Speaking before Congress Agriculture Secretary Tom Vilsack said that smartphones could be a good tool for identifying genetically modified foods. He said that it’s a great way not to have to take sides in the genetically modified foods labeling battle.
UCFoodObserver reports that consumers “could just use their phones to scan special bar codes or other symbols on food packages.” These barcodes could identify GMOs and other aspects of the food ingredients.
According to the Associated Press:
The Food and Drug Administration handles most food-package labeling, so Vilsack’s idea isn’t an official proposal. But the Agriculture secretary suggested it could head off the debate between the food industry and those who have pushed for package labels that identify GMOs.
While it’s unclear whether such an idea would ever gain traction, GMO labeling advocates including Scott Faber of Just Label It aren’t too keen on the idea because they say that consumers shouldn’t need a smartphone to know what’s in their food.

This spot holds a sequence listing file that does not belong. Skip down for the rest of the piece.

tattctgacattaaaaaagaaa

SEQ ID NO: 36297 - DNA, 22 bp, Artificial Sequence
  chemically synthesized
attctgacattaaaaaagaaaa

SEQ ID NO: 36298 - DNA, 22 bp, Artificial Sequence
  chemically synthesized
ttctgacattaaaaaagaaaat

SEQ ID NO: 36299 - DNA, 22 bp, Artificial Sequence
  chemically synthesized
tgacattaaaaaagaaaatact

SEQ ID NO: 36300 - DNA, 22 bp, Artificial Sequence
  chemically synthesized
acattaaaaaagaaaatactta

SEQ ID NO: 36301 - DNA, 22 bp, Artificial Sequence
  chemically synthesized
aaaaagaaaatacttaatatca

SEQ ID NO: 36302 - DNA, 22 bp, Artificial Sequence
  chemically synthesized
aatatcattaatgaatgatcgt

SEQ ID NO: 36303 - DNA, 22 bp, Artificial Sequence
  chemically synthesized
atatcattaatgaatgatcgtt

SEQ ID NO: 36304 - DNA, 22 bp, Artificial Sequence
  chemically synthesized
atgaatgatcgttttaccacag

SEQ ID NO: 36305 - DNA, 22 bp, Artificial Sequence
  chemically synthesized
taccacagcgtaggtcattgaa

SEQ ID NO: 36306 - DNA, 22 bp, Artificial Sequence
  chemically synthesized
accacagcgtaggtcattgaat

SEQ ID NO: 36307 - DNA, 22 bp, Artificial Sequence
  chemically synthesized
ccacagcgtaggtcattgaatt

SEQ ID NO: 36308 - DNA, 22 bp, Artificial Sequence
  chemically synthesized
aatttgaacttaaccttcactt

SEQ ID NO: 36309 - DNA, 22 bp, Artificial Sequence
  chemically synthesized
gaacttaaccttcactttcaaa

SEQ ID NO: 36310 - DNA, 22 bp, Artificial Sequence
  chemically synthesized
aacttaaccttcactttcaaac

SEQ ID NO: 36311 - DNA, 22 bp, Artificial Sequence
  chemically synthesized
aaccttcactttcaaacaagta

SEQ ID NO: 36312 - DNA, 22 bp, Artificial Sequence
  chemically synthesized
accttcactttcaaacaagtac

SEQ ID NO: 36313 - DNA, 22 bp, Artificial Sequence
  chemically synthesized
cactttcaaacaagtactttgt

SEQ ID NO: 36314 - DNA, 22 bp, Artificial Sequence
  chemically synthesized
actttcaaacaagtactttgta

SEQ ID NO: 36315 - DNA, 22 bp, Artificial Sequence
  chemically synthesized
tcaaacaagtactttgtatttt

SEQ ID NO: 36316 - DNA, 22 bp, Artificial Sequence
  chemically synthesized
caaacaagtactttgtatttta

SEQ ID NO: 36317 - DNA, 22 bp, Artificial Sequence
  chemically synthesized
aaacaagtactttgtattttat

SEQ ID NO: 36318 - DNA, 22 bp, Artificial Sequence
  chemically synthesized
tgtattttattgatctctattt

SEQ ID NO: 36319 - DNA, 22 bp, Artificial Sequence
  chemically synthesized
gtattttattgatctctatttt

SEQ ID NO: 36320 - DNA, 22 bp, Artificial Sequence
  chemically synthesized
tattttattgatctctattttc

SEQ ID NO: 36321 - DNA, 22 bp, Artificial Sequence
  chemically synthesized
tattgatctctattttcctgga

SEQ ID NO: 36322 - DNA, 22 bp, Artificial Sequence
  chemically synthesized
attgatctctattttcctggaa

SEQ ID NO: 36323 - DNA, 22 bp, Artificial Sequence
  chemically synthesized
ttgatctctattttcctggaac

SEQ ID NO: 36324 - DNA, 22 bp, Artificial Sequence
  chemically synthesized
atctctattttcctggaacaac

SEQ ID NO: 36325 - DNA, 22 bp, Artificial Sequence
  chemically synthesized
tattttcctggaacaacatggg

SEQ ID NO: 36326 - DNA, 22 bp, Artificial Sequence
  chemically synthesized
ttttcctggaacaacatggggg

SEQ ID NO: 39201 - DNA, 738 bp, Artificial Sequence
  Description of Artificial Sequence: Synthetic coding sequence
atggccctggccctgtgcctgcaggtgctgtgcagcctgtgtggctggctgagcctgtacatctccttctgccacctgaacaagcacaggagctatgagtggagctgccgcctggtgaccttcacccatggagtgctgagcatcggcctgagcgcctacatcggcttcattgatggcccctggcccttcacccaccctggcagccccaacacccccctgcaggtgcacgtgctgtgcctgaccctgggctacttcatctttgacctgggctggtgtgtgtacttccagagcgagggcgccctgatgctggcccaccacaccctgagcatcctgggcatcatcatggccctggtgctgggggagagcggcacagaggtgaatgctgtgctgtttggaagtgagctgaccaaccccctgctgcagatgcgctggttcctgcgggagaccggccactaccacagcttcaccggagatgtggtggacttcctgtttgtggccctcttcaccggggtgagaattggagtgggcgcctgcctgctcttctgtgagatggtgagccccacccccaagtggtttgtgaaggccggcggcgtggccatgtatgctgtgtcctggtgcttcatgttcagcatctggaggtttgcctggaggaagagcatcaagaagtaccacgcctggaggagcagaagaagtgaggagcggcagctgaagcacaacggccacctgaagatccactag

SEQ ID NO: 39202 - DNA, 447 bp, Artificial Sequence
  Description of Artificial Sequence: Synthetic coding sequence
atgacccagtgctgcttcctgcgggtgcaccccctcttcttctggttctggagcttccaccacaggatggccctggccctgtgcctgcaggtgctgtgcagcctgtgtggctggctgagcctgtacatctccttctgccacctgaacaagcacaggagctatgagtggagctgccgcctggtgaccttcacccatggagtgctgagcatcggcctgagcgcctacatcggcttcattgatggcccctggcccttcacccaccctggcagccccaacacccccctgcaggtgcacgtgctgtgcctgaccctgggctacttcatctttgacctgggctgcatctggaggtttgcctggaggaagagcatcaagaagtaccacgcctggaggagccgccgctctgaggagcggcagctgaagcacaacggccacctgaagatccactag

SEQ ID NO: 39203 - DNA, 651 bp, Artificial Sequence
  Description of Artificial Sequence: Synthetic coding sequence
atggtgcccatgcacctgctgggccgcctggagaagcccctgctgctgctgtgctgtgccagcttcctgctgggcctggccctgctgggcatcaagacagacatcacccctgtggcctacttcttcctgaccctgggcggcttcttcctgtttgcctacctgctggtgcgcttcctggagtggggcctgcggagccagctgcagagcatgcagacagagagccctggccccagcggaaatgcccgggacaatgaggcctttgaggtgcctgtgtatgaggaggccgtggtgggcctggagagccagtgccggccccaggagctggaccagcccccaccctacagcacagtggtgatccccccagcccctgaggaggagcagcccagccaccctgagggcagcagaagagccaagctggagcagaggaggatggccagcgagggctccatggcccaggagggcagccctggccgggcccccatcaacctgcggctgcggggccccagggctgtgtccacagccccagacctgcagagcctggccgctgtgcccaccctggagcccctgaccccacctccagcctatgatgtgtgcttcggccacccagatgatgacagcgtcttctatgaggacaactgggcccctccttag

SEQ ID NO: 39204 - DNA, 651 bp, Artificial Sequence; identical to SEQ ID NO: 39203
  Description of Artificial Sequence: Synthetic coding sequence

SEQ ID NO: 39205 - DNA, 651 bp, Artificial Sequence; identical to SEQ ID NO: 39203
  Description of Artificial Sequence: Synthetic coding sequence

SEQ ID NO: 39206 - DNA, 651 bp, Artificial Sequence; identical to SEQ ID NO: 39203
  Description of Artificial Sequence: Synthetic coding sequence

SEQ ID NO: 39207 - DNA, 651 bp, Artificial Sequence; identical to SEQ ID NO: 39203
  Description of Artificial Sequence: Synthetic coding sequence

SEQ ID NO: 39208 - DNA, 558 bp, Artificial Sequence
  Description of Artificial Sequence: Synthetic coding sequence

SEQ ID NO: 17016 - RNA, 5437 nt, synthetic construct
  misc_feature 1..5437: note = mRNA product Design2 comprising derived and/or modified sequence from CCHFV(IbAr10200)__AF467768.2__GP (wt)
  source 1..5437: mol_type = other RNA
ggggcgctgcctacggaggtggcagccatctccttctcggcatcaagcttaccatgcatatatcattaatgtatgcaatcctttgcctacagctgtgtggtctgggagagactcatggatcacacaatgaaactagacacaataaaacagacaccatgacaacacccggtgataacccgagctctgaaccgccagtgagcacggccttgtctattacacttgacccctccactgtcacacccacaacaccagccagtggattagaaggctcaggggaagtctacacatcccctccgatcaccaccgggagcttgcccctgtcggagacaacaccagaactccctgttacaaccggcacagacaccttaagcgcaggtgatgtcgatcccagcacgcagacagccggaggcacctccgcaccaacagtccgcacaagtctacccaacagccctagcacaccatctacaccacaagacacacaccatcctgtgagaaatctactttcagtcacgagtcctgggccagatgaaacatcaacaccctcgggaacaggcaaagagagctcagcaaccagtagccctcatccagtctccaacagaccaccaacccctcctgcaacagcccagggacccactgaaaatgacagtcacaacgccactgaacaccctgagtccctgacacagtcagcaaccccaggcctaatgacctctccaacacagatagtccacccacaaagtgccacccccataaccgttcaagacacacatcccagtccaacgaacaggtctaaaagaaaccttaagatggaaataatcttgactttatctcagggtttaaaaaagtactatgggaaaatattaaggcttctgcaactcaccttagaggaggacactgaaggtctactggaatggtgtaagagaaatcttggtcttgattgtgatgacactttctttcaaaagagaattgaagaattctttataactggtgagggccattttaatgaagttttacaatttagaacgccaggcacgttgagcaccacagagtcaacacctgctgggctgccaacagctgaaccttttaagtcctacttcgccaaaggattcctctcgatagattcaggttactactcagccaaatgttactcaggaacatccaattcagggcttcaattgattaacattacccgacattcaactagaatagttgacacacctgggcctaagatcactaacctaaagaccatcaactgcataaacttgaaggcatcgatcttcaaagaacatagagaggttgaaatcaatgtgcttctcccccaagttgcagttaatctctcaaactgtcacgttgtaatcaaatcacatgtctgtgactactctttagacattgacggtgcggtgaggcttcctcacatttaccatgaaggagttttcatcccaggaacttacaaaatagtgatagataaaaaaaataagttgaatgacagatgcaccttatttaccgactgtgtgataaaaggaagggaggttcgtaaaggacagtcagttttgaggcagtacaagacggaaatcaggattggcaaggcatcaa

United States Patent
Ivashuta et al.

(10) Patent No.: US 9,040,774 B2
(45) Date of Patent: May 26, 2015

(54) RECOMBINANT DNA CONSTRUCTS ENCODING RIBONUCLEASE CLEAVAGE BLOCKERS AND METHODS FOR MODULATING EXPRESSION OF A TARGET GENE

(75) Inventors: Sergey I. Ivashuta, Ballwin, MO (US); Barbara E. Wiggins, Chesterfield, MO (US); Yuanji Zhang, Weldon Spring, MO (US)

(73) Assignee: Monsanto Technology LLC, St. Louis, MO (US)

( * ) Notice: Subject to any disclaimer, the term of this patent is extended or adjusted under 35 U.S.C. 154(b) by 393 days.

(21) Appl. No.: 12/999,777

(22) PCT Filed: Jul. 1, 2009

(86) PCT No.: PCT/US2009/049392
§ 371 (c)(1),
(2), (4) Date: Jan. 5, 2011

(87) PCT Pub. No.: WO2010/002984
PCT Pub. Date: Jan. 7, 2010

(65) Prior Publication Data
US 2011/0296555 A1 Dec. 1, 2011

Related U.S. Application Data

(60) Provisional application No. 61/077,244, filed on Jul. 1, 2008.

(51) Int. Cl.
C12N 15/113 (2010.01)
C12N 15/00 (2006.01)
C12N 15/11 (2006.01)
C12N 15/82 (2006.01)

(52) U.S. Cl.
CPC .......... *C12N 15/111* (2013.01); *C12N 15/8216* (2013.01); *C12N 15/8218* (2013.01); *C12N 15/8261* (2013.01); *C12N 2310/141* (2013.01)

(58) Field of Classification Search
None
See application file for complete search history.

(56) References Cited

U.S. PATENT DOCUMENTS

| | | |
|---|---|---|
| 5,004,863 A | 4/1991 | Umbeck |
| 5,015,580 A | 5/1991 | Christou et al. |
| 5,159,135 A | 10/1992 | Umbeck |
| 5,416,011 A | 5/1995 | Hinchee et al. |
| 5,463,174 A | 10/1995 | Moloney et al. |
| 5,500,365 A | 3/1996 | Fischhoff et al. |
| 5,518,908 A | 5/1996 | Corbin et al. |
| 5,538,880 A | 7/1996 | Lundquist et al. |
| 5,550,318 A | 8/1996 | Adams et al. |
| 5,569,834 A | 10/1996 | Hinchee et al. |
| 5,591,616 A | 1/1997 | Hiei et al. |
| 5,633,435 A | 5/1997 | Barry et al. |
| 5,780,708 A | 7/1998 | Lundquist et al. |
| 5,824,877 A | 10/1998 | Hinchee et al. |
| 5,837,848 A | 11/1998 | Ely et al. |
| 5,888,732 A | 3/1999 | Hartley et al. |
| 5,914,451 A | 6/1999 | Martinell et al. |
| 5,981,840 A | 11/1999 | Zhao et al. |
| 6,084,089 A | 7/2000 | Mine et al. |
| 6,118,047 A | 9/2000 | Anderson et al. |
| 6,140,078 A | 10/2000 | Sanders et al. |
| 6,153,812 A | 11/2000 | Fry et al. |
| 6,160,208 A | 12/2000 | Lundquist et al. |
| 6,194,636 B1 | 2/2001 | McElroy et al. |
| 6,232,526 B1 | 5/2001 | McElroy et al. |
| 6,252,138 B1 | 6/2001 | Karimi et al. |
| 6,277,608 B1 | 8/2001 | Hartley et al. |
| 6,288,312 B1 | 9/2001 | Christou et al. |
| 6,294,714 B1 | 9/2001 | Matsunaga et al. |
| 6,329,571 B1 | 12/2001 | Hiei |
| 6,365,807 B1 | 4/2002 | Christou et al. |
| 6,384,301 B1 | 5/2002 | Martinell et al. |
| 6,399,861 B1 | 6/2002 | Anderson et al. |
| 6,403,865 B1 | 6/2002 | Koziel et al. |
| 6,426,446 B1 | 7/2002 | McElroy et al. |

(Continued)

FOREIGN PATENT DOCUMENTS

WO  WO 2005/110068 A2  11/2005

But to some degree, smartphone apps can already provide consumers with a host of information regarding GMOs. For example, the NON-GMO Project Shopping Guide app can provide a list of foods that have already been certified through the program. Additionally, ipiit, is an app that allows you to designate which ingredients that you want to avoid. While it’s often used to avoid allergens, you could also list common GMO ingredients like high fructose corn syrup, non-organic sweeteners, and cottonseed oil for example. CheckGMO is another app that allows you to pinpoint foods that are likely to contain GMOS. The app can also look for NON-GMO restaurants. The knowledge-thirsty consumer already has a lot of tools at their fingertips.
[Editor’s Note: If you want to learn more about GMOs and how to avoid them, click here to sign up for Naturally Savvy’s Non-GMO Get Healthy Challenge.]
Image: Cheon Fong Liew